Pemberton Crit 2014READ MORE
NZ Cycle Classic 2014
The next challenge for the Satalyst Giant Racing Team is the 2014 NZ Cycle Classic, which starts on Wednesday.
This international tour has cemented its position as New Zealand’s premier stage race. The 2014 edition has attracted the strongest-ever field contesting the UCI 2.2-rated event. The Satalyst Giant Team, a mixture of youth and experience, comprises:
- Pat Shaw- Team captain
- Michael Fitzgerald
- Kane Walker
- Theo Yates
- Alex McGregor
- Gary Boylan-Team manager
- Adrian Spinelli-Team physio
Big thanks also to Brett Tivers, one of the Team’s alumni who lives in NZ, for giving up his time to help the Team out with local support and knowledge.
Stage 2 - Three SGR riders in the top ten today at the NZ Cycle Classic! More info when it comes to hand
Update after stage 3 -Michael Fitzgerald 7th, Pat Shaw 11th and Alex McGregor 15th. 2 riders in contention for General Classification. Pat Shaw 13th @ 17 secs. Michael Fitzgerald. 23rd at 14 seconds behind race leader
A great week of racing from all involved at the NZCC and for all our helpers like Brett Tivers who was a key helper in all that we did over there.
In summary we finished 6th in GC with Pat Shaw and 4th in the teams classification.
Thanks for all our sponsors for helping make this possible.
Tifosi TDU Sundowner Jan 2014
The Satalyst Giant Tifosi again hosted a sundowner in Adelaide during the Tour Down Under. It was a great night at the Belgium Beer Cafe with over 60 Team sponsors, Tifosi members, Team riders and their guests catching up with mates and enjoying the range of Belgium beers on tap. Most of the crew were from WA but some of the other guests included Andrea Nicosia (PuntoTours) from Italy and Phil Anderson.
There was a bit of excitement at the end of the show when the Satalyst Giant riders who had been racing in a late evening criterium arrived with the news that Jono Bolton was the overall winner of the 3 race series
Norwood Crit 19 Jan
Jono Bolton carried his good form from Nationals to Adelaide winning the A grade Norwood CC kermesse from a 3 man breakaway including Sam Davis.
Good news for those coming to the Tifosi TDU sundowner. Brad Linfield will be joining us. Brad, who previously rode for the Team, has earned a ride in the TDU as part of the Uni SA team.
National Crit Titles 2014
Pat Shaw has won the Sprint Jersey in the Elite Mens national Crit Title.
After the team was well represented by Michael Fitzgerald in 5th and Jono Bolton in 13th we have a fine display from Pat to claim the sprint jersey ahead of the eventual winner Steele Van Hoff of Garmin.
Well done to all the boys who raced today we look forward to seeing how you all end up on Saturday (U23) and on Sunday (Elite men’s)
We thank all of our sponsors for making this possible.
Kind Regards -Wayne Evans
Michelton Bay crits
A strong Satalyst Giant team will be contesting the Michelton Bay crits this week including a special guest rider.
Guest : Mark O’Brien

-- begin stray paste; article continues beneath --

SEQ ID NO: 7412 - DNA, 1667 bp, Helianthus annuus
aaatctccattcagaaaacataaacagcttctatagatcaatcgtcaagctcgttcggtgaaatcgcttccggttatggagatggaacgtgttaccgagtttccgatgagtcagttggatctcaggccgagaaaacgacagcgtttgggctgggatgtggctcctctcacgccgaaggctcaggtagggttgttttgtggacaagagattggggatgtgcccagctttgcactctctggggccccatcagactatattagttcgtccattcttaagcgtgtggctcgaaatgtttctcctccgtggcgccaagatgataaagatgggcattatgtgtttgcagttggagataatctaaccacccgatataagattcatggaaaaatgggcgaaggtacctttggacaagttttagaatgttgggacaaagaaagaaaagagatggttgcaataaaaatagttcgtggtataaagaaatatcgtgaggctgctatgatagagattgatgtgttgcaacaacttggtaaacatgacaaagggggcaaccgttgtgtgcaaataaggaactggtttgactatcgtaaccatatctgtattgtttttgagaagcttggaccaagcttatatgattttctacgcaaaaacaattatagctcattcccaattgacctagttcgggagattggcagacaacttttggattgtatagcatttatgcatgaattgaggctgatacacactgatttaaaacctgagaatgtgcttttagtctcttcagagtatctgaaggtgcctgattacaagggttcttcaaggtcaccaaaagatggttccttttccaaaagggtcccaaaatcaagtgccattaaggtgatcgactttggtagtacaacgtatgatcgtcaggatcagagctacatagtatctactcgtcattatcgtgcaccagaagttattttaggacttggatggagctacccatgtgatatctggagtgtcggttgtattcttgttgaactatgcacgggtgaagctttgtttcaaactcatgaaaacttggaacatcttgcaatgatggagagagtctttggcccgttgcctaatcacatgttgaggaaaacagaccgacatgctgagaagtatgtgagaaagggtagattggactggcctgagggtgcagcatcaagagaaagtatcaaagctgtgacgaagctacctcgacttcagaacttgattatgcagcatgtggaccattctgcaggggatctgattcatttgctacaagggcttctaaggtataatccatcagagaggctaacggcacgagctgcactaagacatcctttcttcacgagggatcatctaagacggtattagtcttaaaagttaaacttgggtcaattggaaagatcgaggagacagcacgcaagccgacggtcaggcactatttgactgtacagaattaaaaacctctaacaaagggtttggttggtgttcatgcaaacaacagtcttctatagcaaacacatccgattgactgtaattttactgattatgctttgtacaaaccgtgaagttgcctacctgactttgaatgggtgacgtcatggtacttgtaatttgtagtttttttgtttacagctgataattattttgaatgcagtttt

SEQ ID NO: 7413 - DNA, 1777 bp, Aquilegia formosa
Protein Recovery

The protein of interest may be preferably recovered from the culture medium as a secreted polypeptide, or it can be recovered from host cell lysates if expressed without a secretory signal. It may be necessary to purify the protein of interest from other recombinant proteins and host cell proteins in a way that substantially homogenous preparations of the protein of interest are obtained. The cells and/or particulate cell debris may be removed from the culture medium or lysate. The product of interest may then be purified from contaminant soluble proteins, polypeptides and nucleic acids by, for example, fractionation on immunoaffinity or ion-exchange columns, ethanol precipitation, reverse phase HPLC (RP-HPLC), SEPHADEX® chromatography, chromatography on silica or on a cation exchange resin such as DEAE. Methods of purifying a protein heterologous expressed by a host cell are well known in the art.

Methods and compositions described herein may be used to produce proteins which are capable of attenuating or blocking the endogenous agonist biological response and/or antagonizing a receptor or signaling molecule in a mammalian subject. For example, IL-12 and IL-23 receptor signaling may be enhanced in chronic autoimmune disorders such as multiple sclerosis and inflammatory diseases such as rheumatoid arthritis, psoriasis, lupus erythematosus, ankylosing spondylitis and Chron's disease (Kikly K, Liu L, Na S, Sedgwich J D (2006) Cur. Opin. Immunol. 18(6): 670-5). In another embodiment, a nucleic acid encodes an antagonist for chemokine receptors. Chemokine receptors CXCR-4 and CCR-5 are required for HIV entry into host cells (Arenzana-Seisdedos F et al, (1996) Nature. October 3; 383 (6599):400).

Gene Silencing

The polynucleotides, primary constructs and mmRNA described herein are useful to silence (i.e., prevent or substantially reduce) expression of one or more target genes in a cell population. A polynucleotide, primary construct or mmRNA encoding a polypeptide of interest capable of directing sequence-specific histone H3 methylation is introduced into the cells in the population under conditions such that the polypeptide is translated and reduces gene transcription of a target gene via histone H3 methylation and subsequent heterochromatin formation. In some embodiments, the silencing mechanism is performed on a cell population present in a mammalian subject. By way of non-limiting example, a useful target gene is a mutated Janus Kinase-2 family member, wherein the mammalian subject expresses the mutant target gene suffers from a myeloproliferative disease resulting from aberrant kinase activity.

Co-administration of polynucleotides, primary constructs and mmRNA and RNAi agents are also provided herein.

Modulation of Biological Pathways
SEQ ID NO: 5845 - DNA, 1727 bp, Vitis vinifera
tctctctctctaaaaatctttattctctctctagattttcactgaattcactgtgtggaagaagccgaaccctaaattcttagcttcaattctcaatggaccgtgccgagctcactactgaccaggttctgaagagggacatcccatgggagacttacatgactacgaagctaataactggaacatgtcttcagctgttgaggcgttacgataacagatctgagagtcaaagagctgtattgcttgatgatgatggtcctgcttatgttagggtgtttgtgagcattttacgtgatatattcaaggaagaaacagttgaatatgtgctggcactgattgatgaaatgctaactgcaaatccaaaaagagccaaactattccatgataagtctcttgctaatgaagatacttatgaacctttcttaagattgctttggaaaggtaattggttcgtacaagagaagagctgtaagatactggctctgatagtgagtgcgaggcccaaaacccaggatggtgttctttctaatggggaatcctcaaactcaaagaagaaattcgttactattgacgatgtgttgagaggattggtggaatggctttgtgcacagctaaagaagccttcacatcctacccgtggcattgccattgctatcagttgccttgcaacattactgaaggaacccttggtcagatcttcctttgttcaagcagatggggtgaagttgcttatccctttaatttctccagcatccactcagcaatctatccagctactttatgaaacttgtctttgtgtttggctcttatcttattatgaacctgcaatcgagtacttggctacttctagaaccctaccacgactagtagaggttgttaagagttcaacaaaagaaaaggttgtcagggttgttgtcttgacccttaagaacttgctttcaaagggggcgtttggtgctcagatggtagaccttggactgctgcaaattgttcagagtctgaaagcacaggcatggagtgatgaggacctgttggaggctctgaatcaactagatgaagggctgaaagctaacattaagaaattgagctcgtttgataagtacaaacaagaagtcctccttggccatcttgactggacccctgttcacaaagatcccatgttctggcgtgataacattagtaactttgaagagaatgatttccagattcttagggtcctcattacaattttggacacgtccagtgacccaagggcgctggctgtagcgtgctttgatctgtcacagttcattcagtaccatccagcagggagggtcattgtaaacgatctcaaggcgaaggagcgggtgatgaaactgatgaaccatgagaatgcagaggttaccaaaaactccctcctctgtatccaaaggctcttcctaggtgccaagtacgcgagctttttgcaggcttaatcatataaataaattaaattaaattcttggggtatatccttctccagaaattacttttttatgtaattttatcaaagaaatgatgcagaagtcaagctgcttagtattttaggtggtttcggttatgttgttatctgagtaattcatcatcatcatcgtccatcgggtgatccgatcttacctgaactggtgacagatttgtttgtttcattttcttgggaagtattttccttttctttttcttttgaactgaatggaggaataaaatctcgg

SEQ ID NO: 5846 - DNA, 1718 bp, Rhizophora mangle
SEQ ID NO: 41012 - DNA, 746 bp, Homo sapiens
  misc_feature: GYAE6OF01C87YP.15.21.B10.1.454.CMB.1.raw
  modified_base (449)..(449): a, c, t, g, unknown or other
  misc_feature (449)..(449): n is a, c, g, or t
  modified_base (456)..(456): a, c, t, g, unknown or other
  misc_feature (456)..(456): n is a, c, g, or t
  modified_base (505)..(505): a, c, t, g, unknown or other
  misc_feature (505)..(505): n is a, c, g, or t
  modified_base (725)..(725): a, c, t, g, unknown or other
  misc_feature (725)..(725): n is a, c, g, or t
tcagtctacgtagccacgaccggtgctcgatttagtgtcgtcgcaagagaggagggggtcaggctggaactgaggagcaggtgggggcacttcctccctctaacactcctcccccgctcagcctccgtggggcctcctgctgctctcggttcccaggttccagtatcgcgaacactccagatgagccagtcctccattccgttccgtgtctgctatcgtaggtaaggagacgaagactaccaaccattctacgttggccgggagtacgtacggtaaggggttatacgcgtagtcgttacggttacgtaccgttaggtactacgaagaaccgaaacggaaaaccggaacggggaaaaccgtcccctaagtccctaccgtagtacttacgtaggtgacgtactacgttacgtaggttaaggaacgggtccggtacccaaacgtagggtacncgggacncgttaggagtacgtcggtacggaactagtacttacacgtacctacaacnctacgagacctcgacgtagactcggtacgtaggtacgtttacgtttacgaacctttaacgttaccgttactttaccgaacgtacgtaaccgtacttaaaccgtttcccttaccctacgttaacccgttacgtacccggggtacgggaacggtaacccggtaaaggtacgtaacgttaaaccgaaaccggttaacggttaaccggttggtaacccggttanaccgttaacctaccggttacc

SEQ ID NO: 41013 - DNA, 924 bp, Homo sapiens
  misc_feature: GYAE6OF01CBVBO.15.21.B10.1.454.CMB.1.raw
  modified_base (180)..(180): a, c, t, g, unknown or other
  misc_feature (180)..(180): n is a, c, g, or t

Mark is one of Australia’s leading riders and won the year long overall national road series in 2012. We were struggling to find a 5th rider to fill the spot from within our ranks with many riders committed to their build up for Road Nationals and track nationals. The boys are very pleased to have such a reputable rider join the team for the series.
The racing should be on SBS mainstream television over the coming weeks so keep a look out for the boys in black and orange.
Stage 3 – Nice work Pat Shaw and the team with a 2nd place – some good company there
2014 Mitchelton Bay Cycling Classic Report:Kane Walker
Is there a faster way to start the New Year? Not likely! The 2014 Mitchelton Bay Cycling Classic marks the first race of the 2014 cycling season here in Australia, subsequently the debut race for the Satalyst Giant Racing team for both Pat Shaw and myself (Kane Walker). We were joined by the young and upcoming talents of Jackson Mawby and Tim Sellar; both eager to soak up all the experience they could from the racing ahead. Mark O’Brian stared as our guest rider to round out a young and ambitious team.
Stage one always brings with it a sense of anticipation and dread. Some would shy away from the demanding hot dog style circuit of the beach front, due to its volatile nature. Three of the SGR team started, Jackson, Tim and I. Being the first stage, nerves where tense and carnage was a high possibility. Jackson was unfortunately a victim of the repetitious cornering, coming down part-way through the hour long race; however true to his dedicated nature, he was back on the bike and eager to get the most out of the racing. An early break proved to be too much for the chasing bunch, therefore lapping the field. As the race progressed some of the boys tried to get across, following various moves, however these moves did not amount to anything as the break was moving too quickly. The SGR boys retired in the bunch, satisfied to get through the first stage relatively unscathed.